The early 2000's saw the release of Peter Jackson's The Lord of the Rings films, which became one of cinema's most beloved and iconic trilogies. The beating heart of these films was not the warriors and kings, but the Hobbits who were thrust into an adventure far bigger than them. Perhaps no Hobbit represented this emotional core more than Samwise Gamgee, the stalwart companion who, undaunted, carried Frodo across the finish line. Arguably Sam's biggest moment was his speech at the end of The Lord of The Rings: The Two Towers. But the resolute and hopeful speech that said so much about his character almost didn't make it into the film, as Samwise actor Sean Astin explained.
That scene was not written in the original script. The writers went back to the book, found that speech, and we went back and filmed it. In the middle of a billion-dollar [franchise] and all that comes with that, Peter Jackson was able to navigate that space in a way that was really heartfelt and meaningful.
Watching that speech today, even by itself, can still send chills down your spine and fill your heart with hope. It is difficult to imagine The Two Towers or the trilogy as a whole without it. Shooting The Lord of the Rings trilogy was a massive undertaking, and the fact that they went back and decided to insert this is incredible. It does not feel tacked on; and more than being seamless, it feels vital and inextricable from the film as a whole. The speech is heartfelt and meaningful and it ends the dark middle chapter on an inspiring and hopeful note.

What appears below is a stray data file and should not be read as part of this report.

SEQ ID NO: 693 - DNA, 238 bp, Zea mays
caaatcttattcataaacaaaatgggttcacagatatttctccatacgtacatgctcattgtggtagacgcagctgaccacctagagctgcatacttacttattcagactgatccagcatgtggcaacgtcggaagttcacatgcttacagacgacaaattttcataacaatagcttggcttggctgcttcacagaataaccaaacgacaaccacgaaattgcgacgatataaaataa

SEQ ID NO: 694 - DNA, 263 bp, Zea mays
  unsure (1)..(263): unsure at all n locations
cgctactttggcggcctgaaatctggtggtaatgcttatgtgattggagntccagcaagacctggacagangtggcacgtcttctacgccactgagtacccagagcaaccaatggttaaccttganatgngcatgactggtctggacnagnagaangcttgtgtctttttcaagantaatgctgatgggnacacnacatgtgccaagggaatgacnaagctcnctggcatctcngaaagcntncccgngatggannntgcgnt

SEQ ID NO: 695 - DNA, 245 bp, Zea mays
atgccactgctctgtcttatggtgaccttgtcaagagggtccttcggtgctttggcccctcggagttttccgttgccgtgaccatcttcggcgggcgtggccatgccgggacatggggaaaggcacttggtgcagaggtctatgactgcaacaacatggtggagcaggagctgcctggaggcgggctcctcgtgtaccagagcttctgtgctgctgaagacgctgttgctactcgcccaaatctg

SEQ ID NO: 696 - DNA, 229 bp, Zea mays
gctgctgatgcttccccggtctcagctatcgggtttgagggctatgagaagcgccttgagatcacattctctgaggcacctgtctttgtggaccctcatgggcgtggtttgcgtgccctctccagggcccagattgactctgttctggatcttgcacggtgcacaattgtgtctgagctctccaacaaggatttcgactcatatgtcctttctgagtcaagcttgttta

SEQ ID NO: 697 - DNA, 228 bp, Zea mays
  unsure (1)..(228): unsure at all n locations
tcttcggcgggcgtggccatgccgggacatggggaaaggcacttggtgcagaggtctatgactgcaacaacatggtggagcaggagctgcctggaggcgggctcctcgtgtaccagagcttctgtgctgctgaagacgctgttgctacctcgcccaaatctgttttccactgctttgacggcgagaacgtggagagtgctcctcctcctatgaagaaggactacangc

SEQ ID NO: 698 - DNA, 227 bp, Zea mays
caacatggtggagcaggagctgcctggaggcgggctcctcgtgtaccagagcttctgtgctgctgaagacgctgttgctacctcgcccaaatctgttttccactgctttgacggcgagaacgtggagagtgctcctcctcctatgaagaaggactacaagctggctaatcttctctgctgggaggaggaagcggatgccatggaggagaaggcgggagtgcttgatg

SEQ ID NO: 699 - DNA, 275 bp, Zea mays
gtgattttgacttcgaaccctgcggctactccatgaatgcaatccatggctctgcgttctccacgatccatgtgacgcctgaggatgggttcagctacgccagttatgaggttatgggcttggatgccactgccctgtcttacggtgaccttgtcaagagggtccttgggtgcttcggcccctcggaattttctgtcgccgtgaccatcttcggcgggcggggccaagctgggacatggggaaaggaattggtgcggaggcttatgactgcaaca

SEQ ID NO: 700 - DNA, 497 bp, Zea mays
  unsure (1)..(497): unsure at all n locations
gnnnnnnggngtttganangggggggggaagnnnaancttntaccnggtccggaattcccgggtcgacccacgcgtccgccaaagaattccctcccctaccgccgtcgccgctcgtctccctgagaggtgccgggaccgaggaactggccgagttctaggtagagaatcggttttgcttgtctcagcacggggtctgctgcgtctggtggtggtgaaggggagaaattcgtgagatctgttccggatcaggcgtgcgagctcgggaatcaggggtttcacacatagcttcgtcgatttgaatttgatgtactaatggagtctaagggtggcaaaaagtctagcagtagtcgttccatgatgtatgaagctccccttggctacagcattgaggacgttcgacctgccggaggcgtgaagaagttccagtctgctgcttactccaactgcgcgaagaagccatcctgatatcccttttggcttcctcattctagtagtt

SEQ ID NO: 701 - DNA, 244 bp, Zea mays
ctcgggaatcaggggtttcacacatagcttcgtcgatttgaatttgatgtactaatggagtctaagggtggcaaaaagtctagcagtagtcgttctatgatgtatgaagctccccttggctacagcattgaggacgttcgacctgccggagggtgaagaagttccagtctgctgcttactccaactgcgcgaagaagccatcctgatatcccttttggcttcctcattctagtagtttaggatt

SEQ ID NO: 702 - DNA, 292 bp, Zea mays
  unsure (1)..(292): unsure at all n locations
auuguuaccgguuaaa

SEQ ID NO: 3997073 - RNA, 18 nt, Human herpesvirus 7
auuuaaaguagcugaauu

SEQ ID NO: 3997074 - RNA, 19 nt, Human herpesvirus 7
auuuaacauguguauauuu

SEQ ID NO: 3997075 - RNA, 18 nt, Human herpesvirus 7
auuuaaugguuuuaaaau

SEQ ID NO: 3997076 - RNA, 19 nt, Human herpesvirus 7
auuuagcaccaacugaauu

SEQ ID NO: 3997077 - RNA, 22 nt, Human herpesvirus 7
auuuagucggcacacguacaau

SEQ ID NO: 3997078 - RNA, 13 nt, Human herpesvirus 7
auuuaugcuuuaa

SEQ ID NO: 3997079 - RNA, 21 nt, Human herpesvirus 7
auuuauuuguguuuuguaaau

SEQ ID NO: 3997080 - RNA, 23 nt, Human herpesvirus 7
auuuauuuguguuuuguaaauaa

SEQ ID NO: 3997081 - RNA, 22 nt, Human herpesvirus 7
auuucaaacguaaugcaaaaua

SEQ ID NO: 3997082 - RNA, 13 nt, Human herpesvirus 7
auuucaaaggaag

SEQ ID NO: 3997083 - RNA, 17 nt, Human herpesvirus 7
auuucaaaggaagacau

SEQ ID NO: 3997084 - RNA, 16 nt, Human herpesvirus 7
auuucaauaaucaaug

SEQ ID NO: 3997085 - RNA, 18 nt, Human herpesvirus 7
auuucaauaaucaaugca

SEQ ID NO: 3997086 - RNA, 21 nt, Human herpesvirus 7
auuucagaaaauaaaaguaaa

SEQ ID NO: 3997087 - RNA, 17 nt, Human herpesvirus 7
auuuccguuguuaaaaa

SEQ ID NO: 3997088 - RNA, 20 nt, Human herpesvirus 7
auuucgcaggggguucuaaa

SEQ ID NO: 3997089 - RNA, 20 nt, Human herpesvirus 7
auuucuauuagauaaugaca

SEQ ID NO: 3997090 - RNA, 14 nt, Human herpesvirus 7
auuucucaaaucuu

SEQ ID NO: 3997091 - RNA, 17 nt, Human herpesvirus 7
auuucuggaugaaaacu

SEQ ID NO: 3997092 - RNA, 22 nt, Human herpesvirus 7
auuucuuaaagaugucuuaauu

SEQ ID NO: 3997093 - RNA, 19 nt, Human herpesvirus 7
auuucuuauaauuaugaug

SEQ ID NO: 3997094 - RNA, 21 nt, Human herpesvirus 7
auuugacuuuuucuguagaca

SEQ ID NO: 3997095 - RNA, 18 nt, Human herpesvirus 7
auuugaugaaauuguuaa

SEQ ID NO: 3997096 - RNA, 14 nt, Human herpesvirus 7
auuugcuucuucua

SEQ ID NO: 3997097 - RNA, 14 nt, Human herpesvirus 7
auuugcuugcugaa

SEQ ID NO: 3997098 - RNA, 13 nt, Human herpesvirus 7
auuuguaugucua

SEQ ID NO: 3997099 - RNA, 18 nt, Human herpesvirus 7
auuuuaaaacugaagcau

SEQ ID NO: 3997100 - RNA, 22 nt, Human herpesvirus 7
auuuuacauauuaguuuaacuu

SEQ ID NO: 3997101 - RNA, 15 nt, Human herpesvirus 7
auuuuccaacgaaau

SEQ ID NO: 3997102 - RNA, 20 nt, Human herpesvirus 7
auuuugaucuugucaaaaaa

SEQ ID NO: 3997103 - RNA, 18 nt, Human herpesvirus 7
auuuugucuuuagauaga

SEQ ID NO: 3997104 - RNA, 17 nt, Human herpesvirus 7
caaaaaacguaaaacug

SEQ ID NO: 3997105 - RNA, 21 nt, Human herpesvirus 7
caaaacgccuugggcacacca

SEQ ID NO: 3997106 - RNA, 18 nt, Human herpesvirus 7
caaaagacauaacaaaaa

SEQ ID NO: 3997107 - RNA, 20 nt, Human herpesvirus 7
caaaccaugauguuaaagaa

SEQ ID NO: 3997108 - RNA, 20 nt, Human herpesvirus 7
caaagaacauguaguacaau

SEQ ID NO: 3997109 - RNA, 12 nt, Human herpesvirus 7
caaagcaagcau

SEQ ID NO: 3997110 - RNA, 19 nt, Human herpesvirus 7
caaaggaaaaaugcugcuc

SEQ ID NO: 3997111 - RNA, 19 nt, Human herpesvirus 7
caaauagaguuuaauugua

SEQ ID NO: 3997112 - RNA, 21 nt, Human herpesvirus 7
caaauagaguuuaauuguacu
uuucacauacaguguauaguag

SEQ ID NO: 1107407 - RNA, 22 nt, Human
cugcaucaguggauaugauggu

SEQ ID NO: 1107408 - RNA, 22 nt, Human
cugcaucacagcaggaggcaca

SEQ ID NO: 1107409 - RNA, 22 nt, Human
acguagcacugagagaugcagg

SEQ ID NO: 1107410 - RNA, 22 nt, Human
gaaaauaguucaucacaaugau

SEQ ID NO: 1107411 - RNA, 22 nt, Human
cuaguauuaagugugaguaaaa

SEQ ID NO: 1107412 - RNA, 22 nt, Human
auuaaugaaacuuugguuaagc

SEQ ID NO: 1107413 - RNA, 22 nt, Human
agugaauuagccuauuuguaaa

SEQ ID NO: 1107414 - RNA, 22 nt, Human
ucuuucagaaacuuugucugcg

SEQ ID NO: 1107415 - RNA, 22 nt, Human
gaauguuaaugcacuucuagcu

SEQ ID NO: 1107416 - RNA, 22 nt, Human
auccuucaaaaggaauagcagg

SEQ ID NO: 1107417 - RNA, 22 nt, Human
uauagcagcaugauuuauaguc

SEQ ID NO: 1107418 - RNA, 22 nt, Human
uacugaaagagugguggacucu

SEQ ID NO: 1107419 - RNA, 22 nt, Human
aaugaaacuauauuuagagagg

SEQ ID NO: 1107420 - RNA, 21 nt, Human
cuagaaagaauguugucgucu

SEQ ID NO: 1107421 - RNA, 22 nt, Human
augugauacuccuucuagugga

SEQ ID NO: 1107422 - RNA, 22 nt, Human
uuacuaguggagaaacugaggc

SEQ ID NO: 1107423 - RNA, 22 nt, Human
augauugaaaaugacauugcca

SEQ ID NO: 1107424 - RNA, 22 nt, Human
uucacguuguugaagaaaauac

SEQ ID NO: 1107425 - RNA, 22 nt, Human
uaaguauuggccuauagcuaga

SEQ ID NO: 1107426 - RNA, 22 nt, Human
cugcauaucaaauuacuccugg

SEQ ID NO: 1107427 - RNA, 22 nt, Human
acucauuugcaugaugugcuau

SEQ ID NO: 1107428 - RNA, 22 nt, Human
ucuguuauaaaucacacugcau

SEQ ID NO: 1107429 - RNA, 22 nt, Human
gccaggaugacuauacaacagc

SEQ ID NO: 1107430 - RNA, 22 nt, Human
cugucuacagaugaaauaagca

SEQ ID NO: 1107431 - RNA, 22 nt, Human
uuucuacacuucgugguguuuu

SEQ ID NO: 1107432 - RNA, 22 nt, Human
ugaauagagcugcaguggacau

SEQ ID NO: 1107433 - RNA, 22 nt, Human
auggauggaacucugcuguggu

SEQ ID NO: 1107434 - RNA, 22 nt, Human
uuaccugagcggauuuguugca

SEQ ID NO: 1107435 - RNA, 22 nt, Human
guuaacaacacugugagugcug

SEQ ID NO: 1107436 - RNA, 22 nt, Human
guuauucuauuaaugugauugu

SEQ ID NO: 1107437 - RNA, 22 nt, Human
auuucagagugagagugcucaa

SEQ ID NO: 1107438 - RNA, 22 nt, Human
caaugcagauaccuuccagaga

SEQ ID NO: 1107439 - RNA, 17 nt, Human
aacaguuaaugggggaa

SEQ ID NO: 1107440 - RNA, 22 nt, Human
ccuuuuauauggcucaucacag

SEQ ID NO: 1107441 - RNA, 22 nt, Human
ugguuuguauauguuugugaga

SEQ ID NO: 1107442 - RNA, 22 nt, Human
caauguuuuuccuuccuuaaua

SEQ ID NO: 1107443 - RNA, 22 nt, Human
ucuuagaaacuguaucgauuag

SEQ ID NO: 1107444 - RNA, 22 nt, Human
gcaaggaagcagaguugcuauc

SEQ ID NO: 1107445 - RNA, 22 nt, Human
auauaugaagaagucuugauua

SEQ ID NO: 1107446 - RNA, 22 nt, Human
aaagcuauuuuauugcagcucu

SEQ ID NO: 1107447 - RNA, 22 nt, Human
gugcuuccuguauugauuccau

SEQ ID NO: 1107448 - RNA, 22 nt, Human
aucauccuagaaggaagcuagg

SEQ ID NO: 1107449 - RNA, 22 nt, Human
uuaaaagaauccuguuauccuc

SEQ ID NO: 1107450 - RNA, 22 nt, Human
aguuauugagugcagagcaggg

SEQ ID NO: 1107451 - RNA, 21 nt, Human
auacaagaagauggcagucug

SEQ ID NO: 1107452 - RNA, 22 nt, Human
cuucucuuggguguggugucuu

As Sean Astin told Yahoo, the speech was actually a direct response to the 9/11 attacks. The first film was released in December of 2001, and The Two Towers proved unfortunately titled when it was released the following year. So the writers went back to the book, found J.R.R. Tolkien's beautiful words, and added that scene to the film. That is part of what makes the speech so incredible. Of course Samwise is speaking to the struggle in Middle Earth, but the words have resonance far beyond that fantasy world. In case you've forgotten, watch the speech below.
That is the power of great storytelling. Words found in a novel published in 1954, were filmed to inspire hope in 2002, and they still hold weight today. This is just another reason why The Lord of the Rings trilogy set the benchmark for high fantasy in feature film that is still unmatched to this day (on the big screen at least). This speech is just a part of what made Peter Jackson's trilogy so memorable, and why for some it is the greatest trilogy of all time (cue Clerks 2 argument). It is also why the upcoming Lord of the Rings TV show from Amazon is so ambitious. Spending an insane amount of money with modern technology might produce bigger battles, but it takes purpose and heart to tell a story that really matters.